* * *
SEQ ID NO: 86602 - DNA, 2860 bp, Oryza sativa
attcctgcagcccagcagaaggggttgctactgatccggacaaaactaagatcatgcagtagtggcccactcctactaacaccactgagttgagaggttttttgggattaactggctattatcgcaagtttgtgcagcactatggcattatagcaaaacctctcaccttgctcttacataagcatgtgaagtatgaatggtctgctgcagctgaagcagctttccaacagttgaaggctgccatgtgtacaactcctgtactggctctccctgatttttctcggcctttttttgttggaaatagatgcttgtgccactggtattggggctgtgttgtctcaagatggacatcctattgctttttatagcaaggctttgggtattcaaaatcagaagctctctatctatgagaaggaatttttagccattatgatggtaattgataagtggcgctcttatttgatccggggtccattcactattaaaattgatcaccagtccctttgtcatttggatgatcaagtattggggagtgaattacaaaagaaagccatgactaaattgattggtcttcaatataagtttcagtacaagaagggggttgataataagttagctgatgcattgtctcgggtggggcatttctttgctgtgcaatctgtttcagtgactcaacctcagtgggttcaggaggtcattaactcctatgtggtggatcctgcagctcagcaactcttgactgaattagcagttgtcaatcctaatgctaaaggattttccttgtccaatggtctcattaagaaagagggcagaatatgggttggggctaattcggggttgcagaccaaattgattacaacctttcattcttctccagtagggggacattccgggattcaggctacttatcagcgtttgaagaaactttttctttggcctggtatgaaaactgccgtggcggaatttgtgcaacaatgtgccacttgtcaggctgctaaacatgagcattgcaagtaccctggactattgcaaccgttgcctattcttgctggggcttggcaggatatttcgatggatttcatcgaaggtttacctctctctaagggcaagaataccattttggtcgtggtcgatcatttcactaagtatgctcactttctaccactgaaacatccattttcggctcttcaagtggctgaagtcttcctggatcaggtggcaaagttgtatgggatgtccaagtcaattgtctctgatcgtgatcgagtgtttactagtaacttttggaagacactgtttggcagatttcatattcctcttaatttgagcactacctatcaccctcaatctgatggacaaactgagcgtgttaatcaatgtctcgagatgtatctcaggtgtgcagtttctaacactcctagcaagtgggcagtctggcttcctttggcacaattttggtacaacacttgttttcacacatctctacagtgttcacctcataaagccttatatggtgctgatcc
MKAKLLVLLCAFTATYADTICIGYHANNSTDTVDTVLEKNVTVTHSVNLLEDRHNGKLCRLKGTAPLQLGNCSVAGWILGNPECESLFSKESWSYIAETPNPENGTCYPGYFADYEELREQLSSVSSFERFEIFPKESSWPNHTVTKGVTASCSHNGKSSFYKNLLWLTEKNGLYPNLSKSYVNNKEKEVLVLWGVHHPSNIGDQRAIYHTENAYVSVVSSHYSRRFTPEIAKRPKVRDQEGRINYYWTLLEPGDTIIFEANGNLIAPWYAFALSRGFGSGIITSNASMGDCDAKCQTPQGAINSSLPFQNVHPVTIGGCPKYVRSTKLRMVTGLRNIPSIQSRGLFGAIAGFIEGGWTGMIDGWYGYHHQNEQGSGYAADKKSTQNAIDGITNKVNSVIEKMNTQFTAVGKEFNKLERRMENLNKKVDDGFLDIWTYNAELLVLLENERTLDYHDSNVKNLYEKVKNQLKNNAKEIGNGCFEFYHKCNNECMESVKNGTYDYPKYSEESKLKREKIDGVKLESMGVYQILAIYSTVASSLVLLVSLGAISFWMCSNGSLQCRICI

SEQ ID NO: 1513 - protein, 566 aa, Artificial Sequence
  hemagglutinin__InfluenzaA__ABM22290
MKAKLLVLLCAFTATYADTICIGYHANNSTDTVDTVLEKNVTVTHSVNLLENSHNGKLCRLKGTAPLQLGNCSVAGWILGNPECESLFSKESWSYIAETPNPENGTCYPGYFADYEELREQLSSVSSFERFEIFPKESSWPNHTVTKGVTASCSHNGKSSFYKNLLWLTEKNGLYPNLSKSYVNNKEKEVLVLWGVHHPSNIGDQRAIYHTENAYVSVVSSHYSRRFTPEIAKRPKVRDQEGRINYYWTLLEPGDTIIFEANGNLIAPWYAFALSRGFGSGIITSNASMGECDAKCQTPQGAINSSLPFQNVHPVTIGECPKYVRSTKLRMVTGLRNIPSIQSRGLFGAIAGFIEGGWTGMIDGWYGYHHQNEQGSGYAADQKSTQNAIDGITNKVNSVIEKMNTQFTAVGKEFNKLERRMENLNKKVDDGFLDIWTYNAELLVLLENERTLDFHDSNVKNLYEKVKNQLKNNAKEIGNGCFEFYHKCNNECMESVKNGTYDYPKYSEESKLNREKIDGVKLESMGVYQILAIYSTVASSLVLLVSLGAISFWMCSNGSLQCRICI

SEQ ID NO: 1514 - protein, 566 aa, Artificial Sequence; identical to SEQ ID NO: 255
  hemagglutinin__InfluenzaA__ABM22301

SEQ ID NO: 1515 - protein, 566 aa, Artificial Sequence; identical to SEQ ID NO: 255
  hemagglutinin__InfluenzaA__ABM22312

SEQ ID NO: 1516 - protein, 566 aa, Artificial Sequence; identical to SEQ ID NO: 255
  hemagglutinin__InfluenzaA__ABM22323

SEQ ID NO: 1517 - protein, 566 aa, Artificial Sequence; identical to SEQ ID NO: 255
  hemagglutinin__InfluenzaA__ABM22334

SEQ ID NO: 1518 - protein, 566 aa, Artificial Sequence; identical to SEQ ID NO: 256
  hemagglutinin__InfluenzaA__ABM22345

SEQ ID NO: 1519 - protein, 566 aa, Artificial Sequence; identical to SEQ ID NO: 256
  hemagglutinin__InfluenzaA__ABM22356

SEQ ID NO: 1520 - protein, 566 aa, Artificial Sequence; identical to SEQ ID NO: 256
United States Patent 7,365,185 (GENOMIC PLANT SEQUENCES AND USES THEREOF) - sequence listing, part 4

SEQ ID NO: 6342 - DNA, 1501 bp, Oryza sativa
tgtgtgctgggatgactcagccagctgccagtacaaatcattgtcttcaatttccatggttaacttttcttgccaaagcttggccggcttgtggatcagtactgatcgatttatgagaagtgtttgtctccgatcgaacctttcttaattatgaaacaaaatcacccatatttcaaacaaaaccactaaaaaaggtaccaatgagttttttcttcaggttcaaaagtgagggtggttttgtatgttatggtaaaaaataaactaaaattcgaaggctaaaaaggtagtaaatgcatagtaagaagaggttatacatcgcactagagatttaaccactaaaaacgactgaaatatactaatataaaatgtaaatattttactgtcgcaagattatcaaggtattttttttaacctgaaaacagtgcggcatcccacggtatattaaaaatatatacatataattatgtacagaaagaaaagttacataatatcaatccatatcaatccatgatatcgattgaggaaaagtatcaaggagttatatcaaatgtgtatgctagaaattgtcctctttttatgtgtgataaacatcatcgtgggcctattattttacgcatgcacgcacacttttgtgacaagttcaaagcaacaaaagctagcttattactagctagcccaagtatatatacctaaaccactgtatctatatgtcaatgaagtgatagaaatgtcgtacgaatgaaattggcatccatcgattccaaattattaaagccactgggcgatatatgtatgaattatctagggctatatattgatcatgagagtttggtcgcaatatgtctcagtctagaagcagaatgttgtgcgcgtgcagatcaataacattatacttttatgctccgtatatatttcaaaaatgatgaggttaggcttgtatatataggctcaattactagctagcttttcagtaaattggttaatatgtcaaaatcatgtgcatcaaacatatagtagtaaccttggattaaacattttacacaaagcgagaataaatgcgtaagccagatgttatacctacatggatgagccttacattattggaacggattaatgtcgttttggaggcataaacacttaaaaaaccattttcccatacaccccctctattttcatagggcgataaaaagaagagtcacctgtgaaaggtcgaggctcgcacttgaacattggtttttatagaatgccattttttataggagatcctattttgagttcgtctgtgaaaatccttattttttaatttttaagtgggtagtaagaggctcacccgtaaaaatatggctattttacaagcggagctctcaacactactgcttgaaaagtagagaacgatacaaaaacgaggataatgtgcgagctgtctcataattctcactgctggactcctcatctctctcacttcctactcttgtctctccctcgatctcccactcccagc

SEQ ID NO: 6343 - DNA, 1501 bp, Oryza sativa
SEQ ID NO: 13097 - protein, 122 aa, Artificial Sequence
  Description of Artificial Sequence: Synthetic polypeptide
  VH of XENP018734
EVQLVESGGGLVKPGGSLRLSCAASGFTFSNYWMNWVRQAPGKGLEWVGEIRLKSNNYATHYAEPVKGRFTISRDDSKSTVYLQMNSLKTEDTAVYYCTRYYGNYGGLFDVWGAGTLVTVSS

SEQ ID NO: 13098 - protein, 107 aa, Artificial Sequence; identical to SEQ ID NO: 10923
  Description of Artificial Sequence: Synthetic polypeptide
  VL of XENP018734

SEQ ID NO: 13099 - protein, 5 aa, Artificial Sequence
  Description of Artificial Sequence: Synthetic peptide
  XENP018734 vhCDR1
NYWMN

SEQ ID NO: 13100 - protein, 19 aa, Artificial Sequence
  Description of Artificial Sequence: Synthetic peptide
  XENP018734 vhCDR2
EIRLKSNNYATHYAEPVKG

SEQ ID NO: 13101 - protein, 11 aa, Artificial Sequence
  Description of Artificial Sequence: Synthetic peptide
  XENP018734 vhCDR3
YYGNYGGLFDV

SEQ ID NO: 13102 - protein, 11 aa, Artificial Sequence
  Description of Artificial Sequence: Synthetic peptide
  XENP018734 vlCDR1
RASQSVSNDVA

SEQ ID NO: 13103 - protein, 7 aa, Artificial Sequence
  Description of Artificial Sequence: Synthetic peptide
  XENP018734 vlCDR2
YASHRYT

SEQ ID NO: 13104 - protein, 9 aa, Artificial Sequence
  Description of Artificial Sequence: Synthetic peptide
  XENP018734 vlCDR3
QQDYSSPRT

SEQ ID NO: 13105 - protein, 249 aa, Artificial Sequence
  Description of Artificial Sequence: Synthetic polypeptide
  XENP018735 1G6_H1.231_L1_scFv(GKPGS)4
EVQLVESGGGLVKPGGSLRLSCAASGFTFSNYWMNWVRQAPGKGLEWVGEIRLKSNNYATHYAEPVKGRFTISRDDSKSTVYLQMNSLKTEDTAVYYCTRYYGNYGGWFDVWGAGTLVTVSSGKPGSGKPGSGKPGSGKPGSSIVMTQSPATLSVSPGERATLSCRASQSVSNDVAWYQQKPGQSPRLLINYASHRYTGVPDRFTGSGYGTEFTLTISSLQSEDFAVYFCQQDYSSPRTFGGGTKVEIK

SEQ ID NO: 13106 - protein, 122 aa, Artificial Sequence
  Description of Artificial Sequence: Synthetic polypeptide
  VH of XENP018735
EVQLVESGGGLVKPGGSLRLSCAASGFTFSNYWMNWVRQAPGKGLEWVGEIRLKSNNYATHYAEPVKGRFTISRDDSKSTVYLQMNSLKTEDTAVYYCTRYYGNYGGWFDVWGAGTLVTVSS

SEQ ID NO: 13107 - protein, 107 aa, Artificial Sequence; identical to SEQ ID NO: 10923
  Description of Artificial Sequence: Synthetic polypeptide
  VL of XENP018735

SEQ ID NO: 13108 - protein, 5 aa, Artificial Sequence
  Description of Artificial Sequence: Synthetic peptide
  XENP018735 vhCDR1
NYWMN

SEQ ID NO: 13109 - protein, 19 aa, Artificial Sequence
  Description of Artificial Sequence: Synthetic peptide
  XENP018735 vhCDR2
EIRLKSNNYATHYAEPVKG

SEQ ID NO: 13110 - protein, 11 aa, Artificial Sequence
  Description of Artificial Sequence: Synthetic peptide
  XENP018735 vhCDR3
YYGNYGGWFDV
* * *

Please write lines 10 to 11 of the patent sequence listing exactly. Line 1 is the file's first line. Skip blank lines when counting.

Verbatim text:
  hemagglutinin__InfluenzaA__ABM22312

SEQ ID NO: 1516 - protein, 566 aa, Artificial Sequence; identical to SEQ ID NO: 255